The government issued a statement saying security forces had showed the "utmost degree of self-restraint."
The government, which has pledged to hold new elections in about six months to return democratic rule to Egypt, urged the protesters not to resist the authorities, adding that Muslim Brotherhood leaders must stop inciting violence.
Appeals For Restraint
International reaction to the crackdown came quickly.
The European Union called on all sides to show restraint. "Let me reiterate the EU's position that the violence does not lead to any solutions and that is why we are urging strongly all parties to exercise maximum restraint," EU spokesman Peter Stano said.
Michael Mann, a spokesman for EU foreign-policy chief Catherine Ashton, said reports of deaths and injuries "are extremely worrying."
Meanwhile, German Foreign Minister Guido Westerwelle urged Egypt's interim government and Morsi's backers to avoid further bloodshed.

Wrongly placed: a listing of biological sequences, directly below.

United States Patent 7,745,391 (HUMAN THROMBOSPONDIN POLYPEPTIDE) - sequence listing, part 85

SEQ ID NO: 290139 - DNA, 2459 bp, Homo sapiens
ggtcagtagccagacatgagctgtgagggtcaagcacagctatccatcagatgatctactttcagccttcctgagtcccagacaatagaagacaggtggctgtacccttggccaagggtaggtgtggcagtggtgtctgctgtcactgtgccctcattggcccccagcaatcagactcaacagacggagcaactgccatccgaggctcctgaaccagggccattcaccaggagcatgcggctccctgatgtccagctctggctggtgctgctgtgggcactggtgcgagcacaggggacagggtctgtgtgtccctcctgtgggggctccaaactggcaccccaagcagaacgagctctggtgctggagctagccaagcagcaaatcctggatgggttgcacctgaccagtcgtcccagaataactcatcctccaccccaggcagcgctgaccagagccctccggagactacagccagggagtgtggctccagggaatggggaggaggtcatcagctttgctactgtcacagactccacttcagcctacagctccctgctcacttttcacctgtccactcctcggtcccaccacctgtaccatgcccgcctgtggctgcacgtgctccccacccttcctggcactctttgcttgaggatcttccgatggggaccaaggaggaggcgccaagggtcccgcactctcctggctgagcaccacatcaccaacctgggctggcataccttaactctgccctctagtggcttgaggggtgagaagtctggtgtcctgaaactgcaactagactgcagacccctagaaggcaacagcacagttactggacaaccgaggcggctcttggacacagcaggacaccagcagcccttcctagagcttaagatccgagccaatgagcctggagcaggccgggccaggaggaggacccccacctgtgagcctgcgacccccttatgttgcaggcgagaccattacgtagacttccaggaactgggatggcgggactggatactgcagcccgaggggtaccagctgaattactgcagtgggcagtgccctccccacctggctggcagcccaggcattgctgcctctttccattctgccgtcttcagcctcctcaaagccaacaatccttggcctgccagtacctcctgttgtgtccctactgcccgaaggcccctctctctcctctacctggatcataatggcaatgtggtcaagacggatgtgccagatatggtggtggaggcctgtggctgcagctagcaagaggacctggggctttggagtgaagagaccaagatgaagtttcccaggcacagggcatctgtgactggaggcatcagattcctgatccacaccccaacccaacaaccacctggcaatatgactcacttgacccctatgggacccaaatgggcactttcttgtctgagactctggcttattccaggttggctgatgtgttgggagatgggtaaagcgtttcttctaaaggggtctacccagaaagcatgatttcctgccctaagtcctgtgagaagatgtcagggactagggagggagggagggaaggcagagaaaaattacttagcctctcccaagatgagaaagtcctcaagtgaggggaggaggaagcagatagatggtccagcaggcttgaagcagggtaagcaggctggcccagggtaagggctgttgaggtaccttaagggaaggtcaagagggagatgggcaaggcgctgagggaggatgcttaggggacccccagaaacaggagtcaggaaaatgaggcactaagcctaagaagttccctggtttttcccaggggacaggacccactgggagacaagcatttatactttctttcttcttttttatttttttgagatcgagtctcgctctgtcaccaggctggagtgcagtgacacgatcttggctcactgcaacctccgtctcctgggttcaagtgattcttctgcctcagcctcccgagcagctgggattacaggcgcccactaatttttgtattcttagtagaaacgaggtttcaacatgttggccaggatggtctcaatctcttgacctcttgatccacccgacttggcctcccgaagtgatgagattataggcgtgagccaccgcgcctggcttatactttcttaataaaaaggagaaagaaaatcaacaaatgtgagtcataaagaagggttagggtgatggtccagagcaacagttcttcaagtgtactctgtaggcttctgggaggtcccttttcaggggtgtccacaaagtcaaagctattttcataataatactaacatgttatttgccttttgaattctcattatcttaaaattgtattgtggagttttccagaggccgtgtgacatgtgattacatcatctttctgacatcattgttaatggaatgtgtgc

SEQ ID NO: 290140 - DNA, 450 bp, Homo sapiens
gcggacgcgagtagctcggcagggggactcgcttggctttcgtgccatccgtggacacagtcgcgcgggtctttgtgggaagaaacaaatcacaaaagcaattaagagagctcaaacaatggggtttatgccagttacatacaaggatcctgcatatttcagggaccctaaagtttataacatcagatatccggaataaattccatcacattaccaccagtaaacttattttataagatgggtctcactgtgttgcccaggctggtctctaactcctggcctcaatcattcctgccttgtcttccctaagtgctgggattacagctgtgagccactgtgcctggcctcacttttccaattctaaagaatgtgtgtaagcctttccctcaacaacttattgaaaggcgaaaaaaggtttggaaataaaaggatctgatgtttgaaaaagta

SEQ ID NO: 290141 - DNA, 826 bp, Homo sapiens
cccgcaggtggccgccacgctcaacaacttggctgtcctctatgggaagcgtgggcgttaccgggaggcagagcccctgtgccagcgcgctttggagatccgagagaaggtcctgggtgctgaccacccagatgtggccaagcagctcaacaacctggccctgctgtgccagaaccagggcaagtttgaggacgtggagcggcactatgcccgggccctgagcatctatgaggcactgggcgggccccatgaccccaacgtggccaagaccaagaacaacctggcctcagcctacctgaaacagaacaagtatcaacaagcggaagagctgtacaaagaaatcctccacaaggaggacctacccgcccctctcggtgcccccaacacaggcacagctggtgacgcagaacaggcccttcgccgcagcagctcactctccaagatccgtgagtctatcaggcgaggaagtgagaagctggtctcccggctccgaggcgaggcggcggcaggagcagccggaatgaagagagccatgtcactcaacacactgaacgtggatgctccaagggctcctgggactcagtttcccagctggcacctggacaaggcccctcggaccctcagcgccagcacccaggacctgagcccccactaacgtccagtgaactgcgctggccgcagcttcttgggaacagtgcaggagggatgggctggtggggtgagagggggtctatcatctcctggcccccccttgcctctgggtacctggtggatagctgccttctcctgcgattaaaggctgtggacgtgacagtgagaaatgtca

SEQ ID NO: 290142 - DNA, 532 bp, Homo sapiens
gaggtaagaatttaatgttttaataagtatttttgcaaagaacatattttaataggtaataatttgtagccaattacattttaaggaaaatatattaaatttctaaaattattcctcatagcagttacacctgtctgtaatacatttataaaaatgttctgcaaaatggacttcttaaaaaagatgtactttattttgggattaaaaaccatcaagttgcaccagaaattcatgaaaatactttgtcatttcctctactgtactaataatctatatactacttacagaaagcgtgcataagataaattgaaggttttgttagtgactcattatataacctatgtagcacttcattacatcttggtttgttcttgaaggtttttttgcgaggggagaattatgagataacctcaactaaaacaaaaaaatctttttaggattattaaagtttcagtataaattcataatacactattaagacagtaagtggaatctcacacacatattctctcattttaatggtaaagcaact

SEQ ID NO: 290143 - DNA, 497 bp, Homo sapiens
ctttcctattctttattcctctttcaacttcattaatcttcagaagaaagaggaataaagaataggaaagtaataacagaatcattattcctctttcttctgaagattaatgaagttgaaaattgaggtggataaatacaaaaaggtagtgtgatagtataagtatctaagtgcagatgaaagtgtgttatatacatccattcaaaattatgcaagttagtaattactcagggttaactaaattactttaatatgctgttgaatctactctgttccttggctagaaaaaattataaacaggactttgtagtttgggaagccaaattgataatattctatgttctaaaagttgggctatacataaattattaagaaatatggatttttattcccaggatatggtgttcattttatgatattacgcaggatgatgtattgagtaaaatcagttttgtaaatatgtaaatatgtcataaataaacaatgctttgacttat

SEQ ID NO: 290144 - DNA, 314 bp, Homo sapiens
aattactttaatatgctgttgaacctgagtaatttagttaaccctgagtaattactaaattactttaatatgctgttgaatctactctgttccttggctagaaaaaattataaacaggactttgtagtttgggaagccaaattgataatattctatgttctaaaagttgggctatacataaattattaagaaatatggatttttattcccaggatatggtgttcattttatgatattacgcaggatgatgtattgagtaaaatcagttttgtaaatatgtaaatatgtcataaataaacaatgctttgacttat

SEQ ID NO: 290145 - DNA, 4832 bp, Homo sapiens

"We appeal to all political forces to return to dialogue and negotiations and avoid an escalation of the violence," he said. "Any further spillage of blood in Egypt must be prevented. We call on all sides to return to a political process that includes all political forces."
British Foreign Secretary William Hague said in a statement that he was "deeply concerned" about the situation in Egypt.
UN Secretary-General Ban Ki-moon has strongly condemned violence used by security forces against protesters. His spokesman said Ban also called on all sides to work toward a peaceful reconciliation.
Turkish President Abdullah Gul told reporters in Ankara that armed intervention against Egyptian protesters was "completely unacceptable." Prime Minister Recep Tayyip Erdogan's office also called on the UN Security Council and the Arab League, to act "immediately to halt the crackdown."
Turkey's Islamist-rooted government has emerged as one of the most vocal critics of what it has called an "unacceptable coup" after Egypt's military ousted Morsi, who was elected as president in June 2012.